Coordination between newly elected local-level officials and project staff was invaluable in establishing the RM Support Units. RMs were quick to decide and allocate RM funds and their contribution proved to be much higher than expected. This proves that they trusted that RVWRMP can deliver its promises. RMs have learned a lot through working with the project. Successful relations at the local level depend on coordination and facilitation. RVWRMP has supported to Rural Municipalities for the sustainability of water supply schemes through the WASH Management Board. I believe it will improve local government capacity for the proper mobilization of own and outer resources in WASH interventions.


Q3: What are your biggest learning experiences from your work? What message do you want to give to the staff that remain?


“Learn from the past but focus on the future.”

My suggestion for RVWRMP staff is to systematically follow the Step-by-Step guidelines. First, we orientate beneficiaries and UCs on project norms and values. These are the roots for a strong relationship and trust in the field and from there interventions are easy to begin. As I gained experience, I began to work faster and planned to complete the schemes within the same year, targeting zero carryover schemes.


My aim was to always develop a good relationship with the SO staff. My style is to be encouraging and motivating through an appreciative approach. I don’t believe in authoritative style of leadership. Instead, I focus on appreciating the good things and giving suggestions for improvement. Another valuable method is to set an example by working hard. Others will follow and everyone will be happy in the end.


I have acquired a lot of skills, knowledge and experience. I have learned valuable lessons for my future career. RVWRMP is a mature project, but we can’t forget the sustainability challenges. Still, increasing WASH coverage is required. The project needs to continue supporting local economic development and services by improving processes, modalities and approaches for sustainable services. Equally, the project needs to focus on institutionalising project modalities in the RMs. If that is successful, the legacy of the project will be strong even after it is over.


The project gave rise to the voice of remote communities. It also improved my personal career. I learned project management and got to work with real beneficiaries, helping me graduate in Rural Development. My main learning from the project is “learn from the past but focus on the future”. Thus, we are always dedicated to dream big, set goals, and take actions to succeed.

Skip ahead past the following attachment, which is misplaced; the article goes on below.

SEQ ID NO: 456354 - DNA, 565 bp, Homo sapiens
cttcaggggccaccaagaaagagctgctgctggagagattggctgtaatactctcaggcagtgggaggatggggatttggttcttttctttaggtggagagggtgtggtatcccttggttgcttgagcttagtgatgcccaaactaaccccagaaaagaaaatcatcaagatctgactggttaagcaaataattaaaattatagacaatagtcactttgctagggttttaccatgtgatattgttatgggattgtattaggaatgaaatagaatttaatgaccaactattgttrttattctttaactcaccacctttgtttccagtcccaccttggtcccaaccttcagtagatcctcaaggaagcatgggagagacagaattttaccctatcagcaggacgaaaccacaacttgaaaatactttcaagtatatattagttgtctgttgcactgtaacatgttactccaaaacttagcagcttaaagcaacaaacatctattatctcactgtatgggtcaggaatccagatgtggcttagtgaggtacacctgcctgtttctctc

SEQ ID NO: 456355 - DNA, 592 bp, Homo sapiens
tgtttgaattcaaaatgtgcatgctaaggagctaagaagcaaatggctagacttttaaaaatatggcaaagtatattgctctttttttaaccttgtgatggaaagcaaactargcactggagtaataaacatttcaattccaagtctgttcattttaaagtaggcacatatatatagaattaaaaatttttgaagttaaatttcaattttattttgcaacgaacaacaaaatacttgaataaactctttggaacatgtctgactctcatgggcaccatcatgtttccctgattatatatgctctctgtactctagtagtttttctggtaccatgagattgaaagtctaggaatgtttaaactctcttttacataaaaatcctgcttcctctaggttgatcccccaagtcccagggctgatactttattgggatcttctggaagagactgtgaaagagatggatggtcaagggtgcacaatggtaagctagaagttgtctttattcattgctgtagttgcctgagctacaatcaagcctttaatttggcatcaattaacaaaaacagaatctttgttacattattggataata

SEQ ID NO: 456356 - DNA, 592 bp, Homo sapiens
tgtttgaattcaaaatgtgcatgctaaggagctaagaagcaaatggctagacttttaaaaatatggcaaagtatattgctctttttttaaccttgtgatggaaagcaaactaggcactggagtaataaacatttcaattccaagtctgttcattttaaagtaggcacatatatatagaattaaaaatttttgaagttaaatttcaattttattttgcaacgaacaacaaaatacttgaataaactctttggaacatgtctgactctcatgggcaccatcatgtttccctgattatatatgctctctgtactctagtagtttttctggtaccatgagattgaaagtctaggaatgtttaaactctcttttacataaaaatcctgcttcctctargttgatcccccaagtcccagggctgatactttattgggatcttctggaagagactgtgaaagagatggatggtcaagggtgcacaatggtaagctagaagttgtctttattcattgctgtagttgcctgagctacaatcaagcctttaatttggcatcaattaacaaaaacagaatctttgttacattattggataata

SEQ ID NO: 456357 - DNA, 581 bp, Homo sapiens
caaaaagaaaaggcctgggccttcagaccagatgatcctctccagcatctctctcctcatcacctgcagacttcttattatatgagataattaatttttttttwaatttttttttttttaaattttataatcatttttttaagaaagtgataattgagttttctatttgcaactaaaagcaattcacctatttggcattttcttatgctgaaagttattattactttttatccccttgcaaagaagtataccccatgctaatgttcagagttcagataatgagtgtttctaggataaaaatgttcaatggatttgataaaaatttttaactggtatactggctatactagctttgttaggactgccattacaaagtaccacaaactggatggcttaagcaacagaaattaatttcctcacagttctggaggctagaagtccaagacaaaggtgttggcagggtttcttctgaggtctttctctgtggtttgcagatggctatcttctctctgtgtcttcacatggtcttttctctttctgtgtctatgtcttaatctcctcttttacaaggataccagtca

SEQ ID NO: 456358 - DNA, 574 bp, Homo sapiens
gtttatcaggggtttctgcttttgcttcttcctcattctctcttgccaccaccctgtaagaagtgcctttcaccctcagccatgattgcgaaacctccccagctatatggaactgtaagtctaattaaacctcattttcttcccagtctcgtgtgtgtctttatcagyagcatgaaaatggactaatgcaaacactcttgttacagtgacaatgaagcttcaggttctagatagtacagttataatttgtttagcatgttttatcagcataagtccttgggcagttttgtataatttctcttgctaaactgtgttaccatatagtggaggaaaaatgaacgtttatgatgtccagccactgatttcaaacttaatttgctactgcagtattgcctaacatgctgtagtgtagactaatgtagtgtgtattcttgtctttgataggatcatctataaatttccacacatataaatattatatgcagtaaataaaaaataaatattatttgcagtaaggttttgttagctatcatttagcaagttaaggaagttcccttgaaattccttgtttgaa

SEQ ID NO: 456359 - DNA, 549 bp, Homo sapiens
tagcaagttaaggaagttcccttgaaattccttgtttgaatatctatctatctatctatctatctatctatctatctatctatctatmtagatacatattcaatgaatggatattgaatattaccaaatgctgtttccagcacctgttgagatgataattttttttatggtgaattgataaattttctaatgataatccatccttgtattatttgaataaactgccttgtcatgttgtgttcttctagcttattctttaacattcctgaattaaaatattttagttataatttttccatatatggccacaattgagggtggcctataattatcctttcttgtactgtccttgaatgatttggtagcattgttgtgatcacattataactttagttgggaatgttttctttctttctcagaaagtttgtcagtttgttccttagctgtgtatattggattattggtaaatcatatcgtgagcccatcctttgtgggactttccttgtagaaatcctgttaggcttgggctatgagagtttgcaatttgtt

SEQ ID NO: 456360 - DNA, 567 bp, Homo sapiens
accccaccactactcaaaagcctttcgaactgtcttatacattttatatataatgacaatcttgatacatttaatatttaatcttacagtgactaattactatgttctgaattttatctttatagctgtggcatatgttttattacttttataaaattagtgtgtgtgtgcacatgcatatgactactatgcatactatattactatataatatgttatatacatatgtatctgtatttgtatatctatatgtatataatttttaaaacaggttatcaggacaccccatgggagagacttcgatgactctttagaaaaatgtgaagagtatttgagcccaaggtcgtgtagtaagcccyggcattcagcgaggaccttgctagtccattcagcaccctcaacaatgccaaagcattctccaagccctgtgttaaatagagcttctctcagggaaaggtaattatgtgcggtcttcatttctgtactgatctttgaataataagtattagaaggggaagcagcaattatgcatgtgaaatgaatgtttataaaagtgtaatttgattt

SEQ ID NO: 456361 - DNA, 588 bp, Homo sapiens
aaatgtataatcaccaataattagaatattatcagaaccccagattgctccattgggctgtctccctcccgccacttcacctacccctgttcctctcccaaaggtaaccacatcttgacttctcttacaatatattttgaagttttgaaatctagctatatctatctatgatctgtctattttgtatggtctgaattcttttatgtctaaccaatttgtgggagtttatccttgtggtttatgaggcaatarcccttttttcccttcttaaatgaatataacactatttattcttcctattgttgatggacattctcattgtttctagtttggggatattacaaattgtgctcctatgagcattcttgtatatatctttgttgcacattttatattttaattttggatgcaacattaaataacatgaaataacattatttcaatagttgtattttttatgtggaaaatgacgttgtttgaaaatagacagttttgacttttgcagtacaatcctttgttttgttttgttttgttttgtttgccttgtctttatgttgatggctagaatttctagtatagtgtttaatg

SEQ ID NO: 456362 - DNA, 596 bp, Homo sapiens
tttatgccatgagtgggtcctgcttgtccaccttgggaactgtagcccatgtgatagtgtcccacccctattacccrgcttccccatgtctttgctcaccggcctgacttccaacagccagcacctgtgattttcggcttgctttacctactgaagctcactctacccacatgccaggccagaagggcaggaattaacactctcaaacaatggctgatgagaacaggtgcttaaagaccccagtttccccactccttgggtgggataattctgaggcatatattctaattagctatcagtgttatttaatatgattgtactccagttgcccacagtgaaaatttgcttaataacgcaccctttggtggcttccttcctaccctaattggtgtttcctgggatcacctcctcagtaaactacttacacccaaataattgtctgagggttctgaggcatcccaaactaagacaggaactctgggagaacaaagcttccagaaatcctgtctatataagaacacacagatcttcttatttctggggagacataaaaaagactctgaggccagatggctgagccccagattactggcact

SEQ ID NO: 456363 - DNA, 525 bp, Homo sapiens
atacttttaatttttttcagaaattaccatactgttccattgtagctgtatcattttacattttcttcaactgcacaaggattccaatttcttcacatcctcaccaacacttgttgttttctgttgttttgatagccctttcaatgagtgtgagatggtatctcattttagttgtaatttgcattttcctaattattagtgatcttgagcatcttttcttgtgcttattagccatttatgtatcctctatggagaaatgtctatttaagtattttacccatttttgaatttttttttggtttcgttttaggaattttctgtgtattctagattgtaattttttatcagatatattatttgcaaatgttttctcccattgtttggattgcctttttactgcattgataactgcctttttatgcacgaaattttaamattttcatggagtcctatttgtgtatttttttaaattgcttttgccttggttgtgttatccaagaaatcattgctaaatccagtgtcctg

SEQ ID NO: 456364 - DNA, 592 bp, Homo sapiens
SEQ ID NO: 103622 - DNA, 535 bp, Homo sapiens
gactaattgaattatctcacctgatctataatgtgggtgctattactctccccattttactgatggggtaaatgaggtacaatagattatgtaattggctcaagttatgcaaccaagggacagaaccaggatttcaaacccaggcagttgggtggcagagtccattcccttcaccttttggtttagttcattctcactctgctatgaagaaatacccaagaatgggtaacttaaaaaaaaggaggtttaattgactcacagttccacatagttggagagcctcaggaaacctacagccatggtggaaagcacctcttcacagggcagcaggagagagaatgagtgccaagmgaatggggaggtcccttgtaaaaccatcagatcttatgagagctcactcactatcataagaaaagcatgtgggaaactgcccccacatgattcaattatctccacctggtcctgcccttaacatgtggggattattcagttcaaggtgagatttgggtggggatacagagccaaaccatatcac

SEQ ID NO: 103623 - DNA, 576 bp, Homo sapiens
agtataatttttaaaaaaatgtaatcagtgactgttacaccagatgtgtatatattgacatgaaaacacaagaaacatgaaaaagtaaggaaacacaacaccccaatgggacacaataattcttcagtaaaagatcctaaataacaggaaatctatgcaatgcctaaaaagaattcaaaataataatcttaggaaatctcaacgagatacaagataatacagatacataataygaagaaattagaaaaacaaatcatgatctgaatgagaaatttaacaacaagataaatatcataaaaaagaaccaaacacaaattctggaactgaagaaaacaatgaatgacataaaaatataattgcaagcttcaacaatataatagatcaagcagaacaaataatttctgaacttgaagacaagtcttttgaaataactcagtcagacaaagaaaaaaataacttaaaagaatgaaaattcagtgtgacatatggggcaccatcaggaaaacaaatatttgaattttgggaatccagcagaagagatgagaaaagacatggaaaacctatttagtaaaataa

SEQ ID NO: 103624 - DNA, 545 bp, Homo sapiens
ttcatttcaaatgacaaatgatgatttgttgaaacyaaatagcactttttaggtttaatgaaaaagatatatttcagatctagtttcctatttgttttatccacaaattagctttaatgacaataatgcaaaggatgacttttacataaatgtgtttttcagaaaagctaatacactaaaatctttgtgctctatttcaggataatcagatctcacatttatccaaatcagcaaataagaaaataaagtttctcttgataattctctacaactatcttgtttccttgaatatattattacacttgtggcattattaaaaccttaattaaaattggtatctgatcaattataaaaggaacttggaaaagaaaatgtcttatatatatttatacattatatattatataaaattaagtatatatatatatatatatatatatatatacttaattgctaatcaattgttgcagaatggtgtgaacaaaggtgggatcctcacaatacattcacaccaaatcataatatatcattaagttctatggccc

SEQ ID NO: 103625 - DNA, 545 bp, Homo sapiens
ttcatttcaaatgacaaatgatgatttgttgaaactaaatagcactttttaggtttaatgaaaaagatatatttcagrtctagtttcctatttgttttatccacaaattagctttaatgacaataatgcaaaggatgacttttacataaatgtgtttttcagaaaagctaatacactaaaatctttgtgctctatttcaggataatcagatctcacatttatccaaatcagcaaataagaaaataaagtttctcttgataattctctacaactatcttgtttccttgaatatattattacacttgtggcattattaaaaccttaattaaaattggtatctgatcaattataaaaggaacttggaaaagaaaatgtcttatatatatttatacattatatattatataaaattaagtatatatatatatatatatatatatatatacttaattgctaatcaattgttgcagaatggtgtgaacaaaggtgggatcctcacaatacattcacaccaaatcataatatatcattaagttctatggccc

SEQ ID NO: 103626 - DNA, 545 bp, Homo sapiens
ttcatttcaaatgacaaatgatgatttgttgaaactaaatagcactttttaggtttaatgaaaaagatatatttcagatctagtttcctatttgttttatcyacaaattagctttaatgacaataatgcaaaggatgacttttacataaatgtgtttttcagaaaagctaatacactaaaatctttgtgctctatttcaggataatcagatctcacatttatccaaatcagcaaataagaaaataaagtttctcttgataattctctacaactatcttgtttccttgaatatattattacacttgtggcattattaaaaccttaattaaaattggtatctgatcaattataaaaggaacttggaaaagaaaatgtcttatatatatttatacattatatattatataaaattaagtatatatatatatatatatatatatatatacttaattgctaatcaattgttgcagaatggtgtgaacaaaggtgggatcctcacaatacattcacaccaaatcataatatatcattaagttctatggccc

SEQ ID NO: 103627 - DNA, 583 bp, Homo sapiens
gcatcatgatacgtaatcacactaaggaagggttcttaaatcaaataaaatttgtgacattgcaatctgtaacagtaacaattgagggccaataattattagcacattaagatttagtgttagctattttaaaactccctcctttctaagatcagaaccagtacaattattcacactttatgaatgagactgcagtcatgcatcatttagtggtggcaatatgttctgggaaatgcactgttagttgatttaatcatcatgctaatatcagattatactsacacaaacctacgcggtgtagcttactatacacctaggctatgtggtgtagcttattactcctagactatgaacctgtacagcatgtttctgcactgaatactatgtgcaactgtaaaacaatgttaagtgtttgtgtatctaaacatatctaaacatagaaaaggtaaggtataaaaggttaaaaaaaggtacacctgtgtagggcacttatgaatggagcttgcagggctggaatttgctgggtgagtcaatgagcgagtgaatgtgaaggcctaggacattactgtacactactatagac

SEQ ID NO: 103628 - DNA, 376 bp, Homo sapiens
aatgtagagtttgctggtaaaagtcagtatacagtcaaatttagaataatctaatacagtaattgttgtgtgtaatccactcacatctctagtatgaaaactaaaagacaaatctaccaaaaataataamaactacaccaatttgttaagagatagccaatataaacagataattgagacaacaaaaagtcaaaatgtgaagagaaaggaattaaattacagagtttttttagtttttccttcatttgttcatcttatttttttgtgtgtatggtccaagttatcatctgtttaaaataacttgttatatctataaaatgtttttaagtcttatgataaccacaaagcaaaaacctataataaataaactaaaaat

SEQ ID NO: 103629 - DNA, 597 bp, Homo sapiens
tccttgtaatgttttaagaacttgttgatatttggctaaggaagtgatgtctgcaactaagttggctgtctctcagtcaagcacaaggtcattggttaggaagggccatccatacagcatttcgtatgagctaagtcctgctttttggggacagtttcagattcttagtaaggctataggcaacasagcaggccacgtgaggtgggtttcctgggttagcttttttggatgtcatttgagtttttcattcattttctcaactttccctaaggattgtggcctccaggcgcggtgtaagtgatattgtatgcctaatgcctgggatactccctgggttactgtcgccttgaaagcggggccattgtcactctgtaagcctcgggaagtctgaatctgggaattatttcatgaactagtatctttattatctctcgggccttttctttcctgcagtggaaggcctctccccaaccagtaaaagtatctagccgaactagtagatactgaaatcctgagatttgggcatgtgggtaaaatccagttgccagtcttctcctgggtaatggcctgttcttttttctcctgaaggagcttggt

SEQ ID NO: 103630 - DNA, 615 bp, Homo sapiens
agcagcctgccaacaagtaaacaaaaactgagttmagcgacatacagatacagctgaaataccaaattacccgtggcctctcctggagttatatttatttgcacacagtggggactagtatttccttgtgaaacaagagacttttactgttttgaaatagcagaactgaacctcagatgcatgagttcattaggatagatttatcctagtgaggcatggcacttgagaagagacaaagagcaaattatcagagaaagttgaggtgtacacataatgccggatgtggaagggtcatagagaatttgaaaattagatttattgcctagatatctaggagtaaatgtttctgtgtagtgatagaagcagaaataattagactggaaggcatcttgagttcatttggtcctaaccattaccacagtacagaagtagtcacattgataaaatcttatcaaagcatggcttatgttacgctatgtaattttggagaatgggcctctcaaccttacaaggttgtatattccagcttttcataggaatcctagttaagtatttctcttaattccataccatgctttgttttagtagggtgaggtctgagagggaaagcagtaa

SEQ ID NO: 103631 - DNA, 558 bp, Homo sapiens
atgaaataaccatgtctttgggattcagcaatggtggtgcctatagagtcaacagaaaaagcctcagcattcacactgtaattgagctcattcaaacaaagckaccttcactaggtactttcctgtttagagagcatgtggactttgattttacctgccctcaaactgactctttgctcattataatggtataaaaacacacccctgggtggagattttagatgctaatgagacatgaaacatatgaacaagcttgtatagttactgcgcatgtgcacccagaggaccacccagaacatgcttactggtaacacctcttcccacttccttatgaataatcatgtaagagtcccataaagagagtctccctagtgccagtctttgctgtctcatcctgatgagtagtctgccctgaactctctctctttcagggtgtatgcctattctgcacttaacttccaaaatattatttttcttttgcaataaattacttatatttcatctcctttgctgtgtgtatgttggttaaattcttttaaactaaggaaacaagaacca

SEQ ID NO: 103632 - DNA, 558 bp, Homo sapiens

Q4: What specific moments / events you particularly remember from your time in RVWRMP? Why were they so memorable?


"Leadership is the capacity to translate vision into reality.”


I made a lot of trips to very remote and poor communities during my time in RVWRMP. I will always remember the five-week visit in Humla, Achham and Bajura together with the Team Leader, Deputy Team Leader and other specialists. During that visit, I realised how much confidence the community had in the project. RVWRMP was the only agency in the area, and it introduced a whole new way of working together. Community members were so happy to receive water interventions and they were honoured to be visited by a Team Leader from Finland.

In some communities, people (especially women) had not participated in User’s Committee or had decision-making power. This was also the case in a MUS scheme in Gaumul RM, Bajura district. The scheme was two hours walking from RM headquarters and five hours from district headquarters. We followed the project implementation guideline by assuring 50% women representation in vital posts. Fortunately, Mrs Fagu Rokaya was chosen as chair of the scheme. She successfully completed the scheme (quality, quantity, reliability and accessibility), collected water tariff, mobilised the VMW regularly, formulated a Water Safety Plan and implemented everything properly. She exceeded all expectations and proved what women can do if given the opportunity. From Mrs. Rokaya we learned that "Leadership is the capacity to translate vision into reality.”


Q5: What will you miss most from your time with RVWRMP?

I am proud of the RVWRMP family. I have now graduated from this multi-sectoral “university” where I learned to invest in new activities and approaches for the benefit of the community. Project colleagues are always dedicated towards the wellbeing of the people in difficult circumstances in terms of WASH facilities, livelihoods and energy. The rural people of Sudurpaschim & Karnali province are the key inspiration to do this work.


RVWRMP was like a university for me, and I consider my work there as one of the great achievements of my life.


***


After 17 years, RVWRMP is coming to an end in 2022. This interview is a part of documenting the RVWRMP legacy from long-term staff members

Featured Posts
Recent Posts
Follow Us
  • Facebook - Grey Circle
  • Twitter - Grey Circle
  • Instagram - Grey Circle
  • YouTube - Grey Circle
Search By Tags